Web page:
I've been saying for almost two decades that the key to weight loss is bringing the body into balance. And the key to balance is food quality.
Now, new research from Stanford Prevention Research Center and published in last week's edition of JAMA (Journal of the American Medical Association) found that people who cut back on sugar, "refined grains" and "highly processed foods" and who didn't worry about calories or portion size, lost significant amounts of weight. The study was conducted on more than 600 people.
In other words, researchers concluded that quality, not quantity, is what counts for losing weight.
The study was a pretty blunt instrument for revealing the importance of food quality. They started with overweight subjects, then cut down on major kinds of low-quality foods -- for example, sugary soda type drinks, which are among the lowest quality foods you can consume.
For decades, the Diet Industrial Complex has erroneously equated calories with weight loss -- the idea is that if you eat more calories than you "burn," then you gain weight, and that being overweight is the result of eating too many calories (as if the spectacularly complex biochemistry of metabolism were comparable to filling up the car with gas).
In recent years, other research has contracted this assumption. We've found that compromised gut microbes affect body weight. The amount of sleep you get affects body weight. Stress causes weight gain. People who drink diet beverages gain more weight than those who drink the sugary kind. All these clues suggest that body weight is not a simple matter of calories-in, calories-burned.
Healthy newborn babies enter the world with a complete set of self-regulating systems designed to keep everything in balance. Our bodies brilliantly maintain balance in body temperature, blood water levels, blood pH, blood pressure, blood salt levels, sleep and the elimination of wastes. The human body is magnificent at simultaneously maintaining balance of hundreds of sub-systems throughout life.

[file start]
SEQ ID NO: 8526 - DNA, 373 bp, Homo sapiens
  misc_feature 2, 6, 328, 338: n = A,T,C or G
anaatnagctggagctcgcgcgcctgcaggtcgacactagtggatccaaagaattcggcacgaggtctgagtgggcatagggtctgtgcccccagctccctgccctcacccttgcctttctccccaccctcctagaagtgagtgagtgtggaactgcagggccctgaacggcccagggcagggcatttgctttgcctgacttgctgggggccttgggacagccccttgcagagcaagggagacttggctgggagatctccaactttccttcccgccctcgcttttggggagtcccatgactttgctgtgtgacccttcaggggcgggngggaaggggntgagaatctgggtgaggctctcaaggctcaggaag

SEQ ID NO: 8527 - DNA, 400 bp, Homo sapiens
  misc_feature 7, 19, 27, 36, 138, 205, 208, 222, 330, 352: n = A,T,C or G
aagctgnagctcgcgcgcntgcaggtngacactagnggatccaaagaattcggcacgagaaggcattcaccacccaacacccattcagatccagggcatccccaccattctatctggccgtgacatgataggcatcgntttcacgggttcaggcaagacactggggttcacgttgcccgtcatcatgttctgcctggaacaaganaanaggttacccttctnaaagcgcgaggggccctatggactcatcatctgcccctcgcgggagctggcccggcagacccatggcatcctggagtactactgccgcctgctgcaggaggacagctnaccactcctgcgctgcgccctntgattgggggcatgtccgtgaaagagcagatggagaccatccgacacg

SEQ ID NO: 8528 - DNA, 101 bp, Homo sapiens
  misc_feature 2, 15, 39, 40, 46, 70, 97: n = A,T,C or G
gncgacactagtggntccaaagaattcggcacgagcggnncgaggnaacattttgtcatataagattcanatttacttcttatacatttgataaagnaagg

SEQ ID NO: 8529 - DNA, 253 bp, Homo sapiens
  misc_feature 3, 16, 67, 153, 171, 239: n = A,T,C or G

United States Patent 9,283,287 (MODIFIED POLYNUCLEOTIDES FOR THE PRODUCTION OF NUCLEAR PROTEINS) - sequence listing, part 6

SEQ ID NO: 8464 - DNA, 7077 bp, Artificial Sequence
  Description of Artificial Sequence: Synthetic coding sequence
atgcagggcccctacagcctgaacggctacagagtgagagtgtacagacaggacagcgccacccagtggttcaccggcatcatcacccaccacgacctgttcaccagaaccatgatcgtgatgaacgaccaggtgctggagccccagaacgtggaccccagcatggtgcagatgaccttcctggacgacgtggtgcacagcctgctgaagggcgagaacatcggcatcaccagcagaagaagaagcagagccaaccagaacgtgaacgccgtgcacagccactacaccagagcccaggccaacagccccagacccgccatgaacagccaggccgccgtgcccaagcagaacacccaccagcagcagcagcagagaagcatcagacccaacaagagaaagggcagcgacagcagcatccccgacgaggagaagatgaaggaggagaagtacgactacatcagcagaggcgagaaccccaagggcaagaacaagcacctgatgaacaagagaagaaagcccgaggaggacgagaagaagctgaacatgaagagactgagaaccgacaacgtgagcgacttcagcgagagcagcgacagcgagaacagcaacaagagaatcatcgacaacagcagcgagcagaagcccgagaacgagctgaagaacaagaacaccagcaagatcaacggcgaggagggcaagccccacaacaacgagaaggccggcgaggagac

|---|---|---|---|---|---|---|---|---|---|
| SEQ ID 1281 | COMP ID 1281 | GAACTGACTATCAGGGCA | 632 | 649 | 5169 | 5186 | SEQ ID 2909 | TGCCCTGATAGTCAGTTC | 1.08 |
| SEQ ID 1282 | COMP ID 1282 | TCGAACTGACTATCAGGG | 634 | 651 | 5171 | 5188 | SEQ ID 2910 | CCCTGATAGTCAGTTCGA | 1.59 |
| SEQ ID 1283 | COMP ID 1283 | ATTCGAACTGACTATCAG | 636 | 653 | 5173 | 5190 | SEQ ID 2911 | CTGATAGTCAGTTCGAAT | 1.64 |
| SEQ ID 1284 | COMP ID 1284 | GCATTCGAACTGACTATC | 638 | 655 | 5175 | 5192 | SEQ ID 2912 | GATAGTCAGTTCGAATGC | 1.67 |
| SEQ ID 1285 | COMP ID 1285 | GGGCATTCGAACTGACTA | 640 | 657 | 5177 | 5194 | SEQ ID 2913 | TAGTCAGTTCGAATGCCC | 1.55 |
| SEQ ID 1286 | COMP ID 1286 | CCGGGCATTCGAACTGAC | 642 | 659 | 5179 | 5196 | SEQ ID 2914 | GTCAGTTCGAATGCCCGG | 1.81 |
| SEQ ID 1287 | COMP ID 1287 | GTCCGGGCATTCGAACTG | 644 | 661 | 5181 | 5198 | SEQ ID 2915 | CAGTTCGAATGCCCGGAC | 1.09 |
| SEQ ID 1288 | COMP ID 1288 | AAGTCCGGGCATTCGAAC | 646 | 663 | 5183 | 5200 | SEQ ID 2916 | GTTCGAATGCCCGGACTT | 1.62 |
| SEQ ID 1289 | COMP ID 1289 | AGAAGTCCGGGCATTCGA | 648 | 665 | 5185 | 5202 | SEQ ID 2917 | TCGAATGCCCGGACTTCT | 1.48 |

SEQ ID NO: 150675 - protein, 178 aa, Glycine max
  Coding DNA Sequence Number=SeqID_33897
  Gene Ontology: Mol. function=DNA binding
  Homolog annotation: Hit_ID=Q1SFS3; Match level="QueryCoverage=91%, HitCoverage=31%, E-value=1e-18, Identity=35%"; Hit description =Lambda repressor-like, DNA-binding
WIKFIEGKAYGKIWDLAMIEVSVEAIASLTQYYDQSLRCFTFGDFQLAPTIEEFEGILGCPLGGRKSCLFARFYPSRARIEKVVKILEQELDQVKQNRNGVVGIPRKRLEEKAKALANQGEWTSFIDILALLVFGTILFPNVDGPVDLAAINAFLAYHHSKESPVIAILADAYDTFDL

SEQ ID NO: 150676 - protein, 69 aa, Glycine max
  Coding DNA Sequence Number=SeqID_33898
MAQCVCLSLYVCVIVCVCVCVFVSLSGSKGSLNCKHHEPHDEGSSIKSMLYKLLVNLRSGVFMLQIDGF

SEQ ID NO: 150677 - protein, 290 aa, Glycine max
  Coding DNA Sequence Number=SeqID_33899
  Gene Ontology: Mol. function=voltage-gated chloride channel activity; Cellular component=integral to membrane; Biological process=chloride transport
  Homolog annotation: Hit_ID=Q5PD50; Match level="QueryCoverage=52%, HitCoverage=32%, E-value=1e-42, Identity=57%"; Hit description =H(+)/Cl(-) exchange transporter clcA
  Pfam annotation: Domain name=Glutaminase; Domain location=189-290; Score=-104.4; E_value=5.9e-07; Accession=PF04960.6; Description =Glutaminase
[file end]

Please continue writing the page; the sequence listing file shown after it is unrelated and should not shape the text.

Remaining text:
Optimal weight is another thing the human body is great at balancing. Our taste and olfactory senses are programmed to enjoy foods that keep us healthy. The hunger-satiety cycle tells us when to eat and when to stop.
If we gain weight, it doesn't mean we're not effectively counting calories. It means our body's system for maintaining healthy weight has been broken.
So what broke it?
The short answer is that our food did. The longer answer is our industrial food system, environment and lifestyle conspired to knock our bodies out of balance.
Let's start with what's wrong with our food.
Far too much of the food we eat has been ultra-processed. Stripped of nutrients, modified beyond recognition, sterilized, and augmented with non-food chemicals, our food isn't fit for human consumption.
Most processed food is too soft. Simple carbs like sugar and white flour-baked goods, processed oils, fatty meats -- too much of our food is eaten and digested too quickly and easily. While most dietary advice focuses on the biochemistry of foods (fats, carbs, protein), researchers have demonstrated the importance of biophysics. You'll gain more weight with soft food than rougher food (whole grains, fresh fruits and vegetables, etc.) even if the calories are the same.